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Preparing for Sibling Rivalry


Be prepared for a variety of reactions from your older child when a newborn joins your family. It is normal for an older child to feel jealous and displaced when you have another baby. The older sibling may go back to thumb-sucking, abandon potty training, or display other similar behaviors. These acts are unconscious efforts to take attention away from the newborn and focus it back on themselves.

Plan for and respond to sibling rivalry before your baby is born by:

  • Preparing older siblings early in the pregnancy by talking to them about the new baby. The most important tool in helping older siblings adjust is to acknowledge their crucial role in the family. For example, you might say, "You are sister's only big brother. You can help us teach her about life. That's very special."
  • Visiting your local library or bookstore. There are many excellent books for siblings about having a new baby in the home.
  • Asking your child's opinion when getting ready for baby, such as decorating the baby's room.
  • Realizing that sibling rivalry often intensifies after the baby is past the newborn stage, when your older child realizes the permanence of routine and lifestyle changes.

After your baby is born, try some of the following suggestions:

  • Give your older child tasks to do for the baby. The tasks can be adapted to fit the older child's abilities, such as bringing diapers, letting him or her choose the baby's clothing, feeding the baby, helping get the baby dressed, and holding the baby or pushing the carriage.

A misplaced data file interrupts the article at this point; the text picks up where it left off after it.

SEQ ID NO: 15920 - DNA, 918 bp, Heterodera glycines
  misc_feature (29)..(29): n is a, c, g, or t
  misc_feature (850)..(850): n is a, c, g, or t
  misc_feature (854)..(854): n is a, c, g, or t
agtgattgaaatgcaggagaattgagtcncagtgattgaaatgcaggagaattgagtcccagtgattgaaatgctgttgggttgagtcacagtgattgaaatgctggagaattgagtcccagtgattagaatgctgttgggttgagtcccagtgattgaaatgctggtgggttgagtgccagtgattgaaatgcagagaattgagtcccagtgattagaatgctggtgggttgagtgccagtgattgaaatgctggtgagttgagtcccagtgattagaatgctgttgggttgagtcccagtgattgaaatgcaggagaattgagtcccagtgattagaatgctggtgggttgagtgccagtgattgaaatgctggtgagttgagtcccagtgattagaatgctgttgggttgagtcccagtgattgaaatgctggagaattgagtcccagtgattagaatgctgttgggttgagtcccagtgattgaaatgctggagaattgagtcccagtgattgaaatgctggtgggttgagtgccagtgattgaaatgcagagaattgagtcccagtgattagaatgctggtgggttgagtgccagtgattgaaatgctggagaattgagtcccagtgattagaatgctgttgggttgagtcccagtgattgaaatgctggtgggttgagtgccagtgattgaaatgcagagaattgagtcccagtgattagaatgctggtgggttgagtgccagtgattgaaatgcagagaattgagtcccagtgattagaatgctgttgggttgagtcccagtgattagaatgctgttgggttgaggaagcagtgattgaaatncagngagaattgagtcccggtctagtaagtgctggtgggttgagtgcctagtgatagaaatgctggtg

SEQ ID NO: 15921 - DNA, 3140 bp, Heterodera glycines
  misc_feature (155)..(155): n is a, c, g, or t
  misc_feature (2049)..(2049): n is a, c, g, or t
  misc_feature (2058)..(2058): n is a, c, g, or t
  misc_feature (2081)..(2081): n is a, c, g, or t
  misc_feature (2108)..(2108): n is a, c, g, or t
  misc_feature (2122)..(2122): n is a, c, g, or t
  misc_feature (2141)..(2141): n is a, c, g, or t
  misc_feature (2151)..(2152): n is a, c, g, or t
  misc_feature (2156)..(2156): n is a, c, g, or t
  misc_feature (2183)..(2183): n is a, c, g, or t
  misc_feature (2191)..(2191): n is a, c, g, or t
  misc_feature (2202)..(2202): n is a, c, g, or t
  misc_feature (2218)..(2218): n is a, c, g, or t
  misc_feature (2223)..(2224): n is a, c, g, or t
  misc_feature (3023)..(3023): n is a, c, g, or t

• Praise your child for helping with the baby.
  • Plan time alone with your older child. This can help him or her to have something to look forward to when your attention is focused on the baby.
  • Reassure the older child that your love for the baby will not replace the love you have for him or her.
  • Prepare your older child for being out of the limelight. "When we go to the party, your baby brother will get a lot of attention. That's because people love babies, not because they don't like you."
  • Give your older child extra attention when the baby is being fawned over. Also, ask close friends or relatives to give the older child extra attention in these situations.

In time and given the right encouragement, your older child will learn how to deal with his or her feelings toward a new baby sister or brother, to share, to feel responsible for other family members, and to get along with others.


By Healthwise Staff
Primary Medical Reviewer Susan C. Kim, MD - Pediatrics
Specialist Medical Reviewer Thomas Emmett Francoeur, MDCM, CSPQ, FRCPC - Pediatrics
Last Revised February 2, 2011

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